Warner Bros. shuffles its DC film executive ranks after ‘Batman v Superman’ criticism


After enduring weeks of criticism for the Zack Snyder-directed superhero film “Batman v Superman: Dawn of Justice,” Warner Bros. is shuffling the executive ranks in charge of its key DC comic book-based film business.

The Burbank-based film company is giving two of its executives increased oversight of the key superhero movie franchise, which is seen as an important pillar of the Time Warner Inc.-owned studio’s movie strategy.

Warner Bros. has named Executive Vice President of Development and Production Jon Berg and DC Comics Chief Creative Officer Geoff Johns to lead DC Films, a recently designated brand for company’s movie business, according to a person familiar with the matter who was not authorized to speak publicly.


Berg and Johns had already been considered part of an unofficial “brain trust” for the DC Comics franchise that was also said to include Snyder; his producer-wife, Deborah; and Charles Roven, producer of director Christopher Nolan’s “Dark Knight” trilogy.

But the reorganization, first reported Tuesday night, officially designates the two executives with leadership roles tied to the upcoming Warner Bros. superhero films, giving them more say over the creative direction and production of the DC films.

Johns is a respected comic book writer-turned executive, who was a key player in the success of DC television properties such as showrunner Greg Berlanti’s “The Flash” and “Arrow.” Johns is also co-writing the next standalone “Batman” movie with Ben Affleck. Berg, also a film producer, is known for his role in guiding movies such as “The Dark Knight Rises,” “Argo” and “American Sniper” to the big screen.

The executive appointments appear to be aimed at addressing concerns among comic book movie fans and critics over the future of the DC cinematic universe. Much is riding on the success of the DC films for Warner Bros., which has at least 11 of the superhero movies planned through the next few years.

The critical reception for “Batman v Superman” was decidedly negative, with reviewers and fans highlighting its dark and gloomy tone and questioning Snyder’s handling of the two most widely known superheros. Batman v Superman” grossed $870 million at the worldwide box-office since its March debut. Yet Marvel Studio’s competing film “Captain America: Civil War” is expected to hit the $1-billion box office mark this week, less than a month after its debut in theaters.

And while “Batman v Superman” was not a commercial failure by any means, analysts have described it as a mildly disappointing start for the franchise. The $250-million film was intended to set up a series of pictures including “Wonder Woman,” “Aquaman” and the two-part “Justice League.”


“It wasn’t what they needed it to be,” said Doug Creutz, a media analyst with Cowen & Co. “I think they felt they needed to do something to get better results.” Warner Bros. declined to comment.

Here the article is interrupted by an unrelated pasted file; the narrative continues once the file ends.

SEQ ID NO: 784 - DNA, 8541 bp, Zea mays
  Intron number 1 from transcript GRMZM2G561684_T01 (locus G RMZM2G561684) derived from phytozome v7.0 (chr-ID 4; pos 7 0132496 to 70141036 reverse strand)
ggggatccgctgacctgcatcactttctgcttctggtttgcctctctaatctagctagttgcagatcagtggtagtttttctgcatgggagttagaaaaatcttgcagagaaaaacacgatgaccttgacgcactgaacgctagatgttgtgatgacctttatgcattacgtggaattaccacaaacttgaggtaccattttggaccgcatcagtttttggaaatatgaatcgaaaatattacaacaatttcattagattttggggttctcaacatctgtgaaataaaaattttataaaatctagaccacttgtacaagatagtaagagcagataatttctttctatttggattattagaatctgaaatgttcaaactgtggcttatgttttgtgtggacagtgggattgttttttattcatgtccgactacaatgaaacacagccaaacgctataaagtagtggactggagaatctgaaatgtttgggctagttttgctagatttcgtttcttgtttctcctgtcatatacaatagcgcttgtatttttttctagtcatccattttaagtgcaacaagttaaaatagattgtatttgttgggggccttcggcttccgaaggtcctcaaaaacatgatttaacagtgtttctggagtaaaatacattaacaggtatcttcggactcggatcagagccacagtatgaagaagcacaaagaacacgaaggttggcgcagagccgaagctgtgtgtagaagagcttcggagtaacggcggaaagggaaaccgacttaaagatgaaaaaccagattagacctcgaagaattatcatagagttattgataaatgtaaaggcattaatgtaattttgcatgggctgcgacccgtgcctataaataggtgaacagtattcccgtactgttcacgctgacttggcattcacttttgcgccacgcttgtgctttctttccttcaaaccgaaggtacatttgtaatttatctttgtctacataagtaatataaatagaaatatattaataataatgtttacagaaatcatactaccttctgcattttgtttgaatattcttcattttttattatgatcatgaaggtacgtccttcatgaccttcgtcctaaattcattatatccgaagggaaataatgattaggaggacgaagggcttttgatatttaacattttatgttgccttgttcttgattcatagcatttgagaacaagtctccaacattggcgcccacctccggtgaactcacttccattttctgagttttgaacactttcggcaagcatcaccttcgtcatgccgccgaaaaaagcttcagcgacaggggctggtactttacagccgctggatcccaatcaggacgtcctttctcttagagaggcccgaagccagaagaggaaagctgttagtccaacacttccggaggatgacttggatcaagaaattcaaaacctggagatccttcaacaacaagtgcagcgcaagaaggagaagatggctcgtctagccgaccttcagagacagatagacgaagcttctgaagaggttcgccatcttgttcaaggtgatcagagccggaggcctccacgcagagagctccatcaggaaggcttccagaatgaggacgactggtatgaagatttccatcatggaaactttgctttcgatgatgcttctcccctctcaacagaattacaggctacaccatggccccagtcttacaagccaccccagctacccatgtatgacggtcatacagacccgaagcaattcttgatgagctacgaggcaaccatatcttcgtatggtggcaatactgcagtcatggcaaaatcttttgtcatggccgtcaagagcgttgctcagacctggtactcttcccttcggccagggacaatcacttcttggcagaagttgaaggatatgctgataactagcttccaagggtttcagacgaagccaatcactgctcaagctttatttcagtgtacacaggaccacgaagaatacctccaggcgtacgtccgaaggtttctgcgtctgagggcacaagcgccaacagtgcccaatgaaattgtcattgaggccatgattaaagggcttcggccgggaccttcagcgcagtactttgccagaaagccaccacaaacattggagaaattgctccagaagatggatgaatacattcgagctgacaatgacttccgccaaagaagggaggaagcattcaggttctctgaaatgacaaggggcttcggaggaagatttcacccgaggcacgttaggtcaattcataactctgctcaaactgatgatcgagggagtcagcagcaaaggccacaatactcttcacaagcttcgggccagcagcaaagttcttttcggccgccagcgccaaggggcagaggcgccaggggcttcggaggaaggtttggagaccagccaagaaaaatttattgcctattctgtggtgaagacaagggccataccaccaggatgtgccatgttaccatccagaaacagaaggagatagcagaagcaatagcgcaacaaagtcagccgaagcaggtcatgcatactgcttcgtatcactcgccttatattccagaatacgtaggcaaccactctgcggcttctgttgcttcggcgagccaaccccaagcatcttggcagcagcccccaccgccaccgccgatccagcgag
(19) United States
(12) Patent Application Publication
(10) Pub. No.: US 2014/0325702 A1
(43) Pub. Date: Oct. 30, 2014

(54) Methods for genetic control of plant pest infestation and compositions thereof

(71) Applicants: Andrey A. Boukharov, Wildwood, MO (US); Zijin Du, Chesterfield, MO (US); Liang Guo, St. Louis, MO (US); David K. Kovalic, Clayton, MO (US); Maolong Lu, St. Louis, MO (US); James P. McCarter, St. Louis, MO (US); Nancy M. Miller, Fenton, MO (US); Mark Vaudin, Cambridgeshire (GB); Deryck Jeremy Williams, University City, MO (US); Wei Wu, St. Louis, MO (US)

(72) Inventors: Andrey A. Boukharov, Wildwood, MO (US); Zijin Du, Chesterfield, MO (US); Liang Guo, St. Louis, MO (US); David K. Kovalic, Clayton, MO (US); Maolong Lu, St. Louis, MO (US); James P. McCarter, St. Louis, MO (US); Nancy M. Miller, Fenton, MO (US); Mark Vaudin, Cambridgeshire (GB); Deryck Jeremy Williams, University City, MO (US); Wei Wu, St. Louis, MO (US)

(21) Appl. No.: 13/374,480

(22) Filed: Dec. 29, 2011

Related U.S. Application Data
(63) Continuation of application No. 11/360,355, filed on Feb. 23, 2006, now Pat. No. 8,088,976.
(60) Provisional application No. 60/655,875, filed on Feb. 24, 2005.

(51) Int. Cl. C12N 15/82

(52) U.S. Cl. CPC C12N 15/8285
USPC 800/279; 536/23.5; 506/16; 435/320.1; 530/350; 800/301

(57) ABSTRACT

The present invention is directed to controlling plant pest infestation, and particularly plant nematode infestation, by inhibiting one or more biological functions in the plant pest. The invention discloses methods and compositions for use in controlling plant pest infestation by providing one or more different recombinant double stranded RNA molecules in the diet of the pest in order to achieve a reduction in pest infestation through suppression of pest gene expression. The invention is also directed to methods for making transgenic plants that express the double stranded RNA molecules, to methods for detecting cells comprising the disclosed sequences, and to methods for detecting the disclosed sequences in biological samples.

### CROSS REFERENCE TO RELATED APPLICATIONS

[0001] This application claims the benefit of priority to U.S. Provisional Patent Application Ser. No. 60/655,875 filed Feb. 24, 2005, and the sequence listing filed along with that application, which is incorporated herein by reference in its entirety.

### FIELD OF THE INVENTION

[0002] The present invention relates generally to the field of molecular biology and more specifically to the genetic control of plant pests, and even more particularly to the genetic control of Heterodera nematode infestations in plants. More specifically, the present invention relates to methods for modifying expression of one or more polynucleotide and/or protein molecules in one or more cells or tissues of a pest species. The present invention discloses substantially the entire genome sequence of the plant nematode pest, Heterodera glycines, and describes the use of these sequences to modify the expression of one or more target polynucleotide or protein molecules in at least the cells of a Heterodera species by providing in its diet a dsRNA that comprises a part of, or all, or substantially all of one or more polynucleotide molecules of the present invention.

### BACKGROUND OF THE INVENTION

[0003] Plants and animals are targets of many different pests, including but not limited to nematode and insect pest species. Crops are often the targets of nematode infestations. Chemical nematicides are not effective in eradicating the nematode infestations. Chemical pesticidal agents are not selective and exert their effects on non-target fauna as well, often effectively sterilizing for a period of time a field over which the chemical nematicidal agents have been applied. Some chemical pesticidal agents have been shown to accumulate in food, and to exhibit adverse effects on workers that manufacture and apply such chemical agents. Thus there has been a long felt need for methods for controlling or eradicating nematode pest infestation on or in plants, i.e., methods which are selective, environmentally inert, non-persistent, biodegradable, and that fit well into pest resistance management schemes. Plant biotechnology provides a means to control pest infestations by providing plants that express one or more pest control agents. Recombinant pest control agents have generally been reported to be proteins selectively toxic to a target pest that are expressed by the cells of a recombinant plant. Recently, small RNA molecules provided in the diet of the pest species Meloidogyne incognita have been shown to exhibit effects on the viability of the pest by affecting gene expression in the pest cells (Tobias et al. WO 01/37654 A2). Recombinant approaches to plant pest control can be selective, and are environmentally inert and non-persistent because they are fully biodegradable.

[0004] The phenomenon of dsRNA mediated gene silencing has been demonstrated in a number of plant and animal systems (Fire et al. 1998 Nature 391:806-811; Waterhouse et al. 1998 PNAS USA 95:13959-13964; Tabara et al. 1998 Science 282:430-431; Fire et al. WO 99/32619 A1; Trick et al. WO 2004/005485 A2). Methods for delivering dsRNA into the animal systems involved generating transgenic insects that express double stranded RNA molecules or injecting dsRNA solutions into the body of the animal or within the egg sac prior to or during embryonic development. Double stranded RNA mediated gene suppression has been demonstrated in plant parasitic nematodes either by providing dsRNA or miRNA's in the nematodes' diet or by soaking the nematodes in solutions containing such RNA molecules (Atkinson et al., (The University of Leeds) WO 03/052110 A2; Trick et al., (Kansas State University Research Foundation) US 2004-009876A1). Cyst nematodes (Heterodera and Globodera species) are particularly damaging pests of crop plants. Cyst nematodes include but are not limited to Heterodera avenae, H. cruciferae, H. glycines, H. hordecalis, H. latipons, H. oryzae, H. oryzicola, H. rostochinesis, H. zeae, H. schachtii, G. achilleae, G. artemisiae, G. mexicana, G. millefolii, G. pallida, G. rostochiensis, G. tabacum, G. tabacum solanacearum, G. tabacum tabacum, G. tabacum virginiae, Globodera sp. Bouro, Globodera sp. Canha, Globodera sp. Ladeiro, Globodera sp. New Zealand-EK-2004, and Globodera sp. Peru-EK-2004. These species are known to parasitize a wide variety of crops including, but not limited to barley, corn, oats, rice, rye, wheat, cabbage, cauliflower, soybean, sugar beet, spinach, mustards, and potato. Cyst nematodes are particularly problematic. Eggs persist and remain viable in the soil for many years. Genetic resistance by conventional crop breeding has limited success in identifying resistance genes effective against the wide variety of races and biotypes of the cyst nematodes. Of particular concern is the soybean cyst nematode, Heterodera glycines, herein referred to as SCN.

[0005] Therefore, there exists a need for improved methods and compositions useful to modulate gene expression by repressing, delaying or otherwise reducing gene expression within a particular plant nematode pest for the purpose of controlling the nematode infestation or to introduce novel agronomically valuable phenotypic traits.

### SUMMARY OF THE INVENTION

The management shuffle is the the latest sign that Warner Bros. is tweaking its approach to the franchise as it tries to ramp up competition with Walt Disney Co.’s Marvel Studios. For example, Ben Affleck, who played Batman in the new film and directed the Oscar-winning film “Argo,” was recently revealed as an executive producer for “Justice League.”

Screenwriter Seth Grahame-Smith, who was set to make his directorial debut with “The Flash,” slated for 2018, left the film in April over creative differences with the studio. Warner Bros.’s next DC film, “Suicide Squad,” centering on a group of villains, recently underwent additional shooting ahead of its summer release date.

It’s unclear how much impact the DC Films executive changes will have on the way decisions are made at the company. Berg will continue to report to Warner Bros. production President Greg Silverman, while Johns will continue to report to DC Entertainment head Diane Nelson.

“It seems really logical,” said Jason E. Squire, a film business professor at the University of Southern California. “They are adjusting their internal reporting structure for it to be more efficient and — in the case of DC Films — branded.”

Some industry insiders have suggested that the divergent results between the steady run of hits from Disney-Marvel and Warner Bros.’ rocky start with its DC cinematic universe can be traced to the different ways in which creative decisions are made at the two companies.


Marvel’s movies are all personally overseen from start to finish by Marvel Studios President Kevin Feige, while Warner Bros. has no such single figure creatively overseeing its DC films.

While some have interpreted the DC executive shifts as an effort to more closely emulate the Marvel decision-making model, Warner Bros. has always maintained its commitment to a director-driven approach that resulted in Christopher Nolan’s blockbuster “Dark Knight” trilogy.

“They adopt a filmmaker-friendly approach, which I think is a very smart strategy and has proven successful,” Affleck told The Times in March.

Former Fox executive Hutch Parker, who produced Fox’s upcoming superhero film “X-Men: Apocalypse,” sees value in both that kind of filmmaker-driven approach and what is widely seen as Marvel’s producer-driven one.

“I think there are pros and cons to both,” Parker said recently. “I think what Marvel has done is remarkable and there’s a tremendous amount to be learned from what Kevin has done there. And I think there’s something to be said for the inclusion that you see reflected at Warners or Fox.... I don’t think it’s an either-or in any way.”

Times staff writer Josh Rottenberg contributed to this report.


Follow Ryan Faughnder on Twitter for more entertainment business coverage: @rfaughnder


May 18, 2:33 p.m.: This post was updated throughout.

The first version of this article was published May 17 at 10:02 p.m.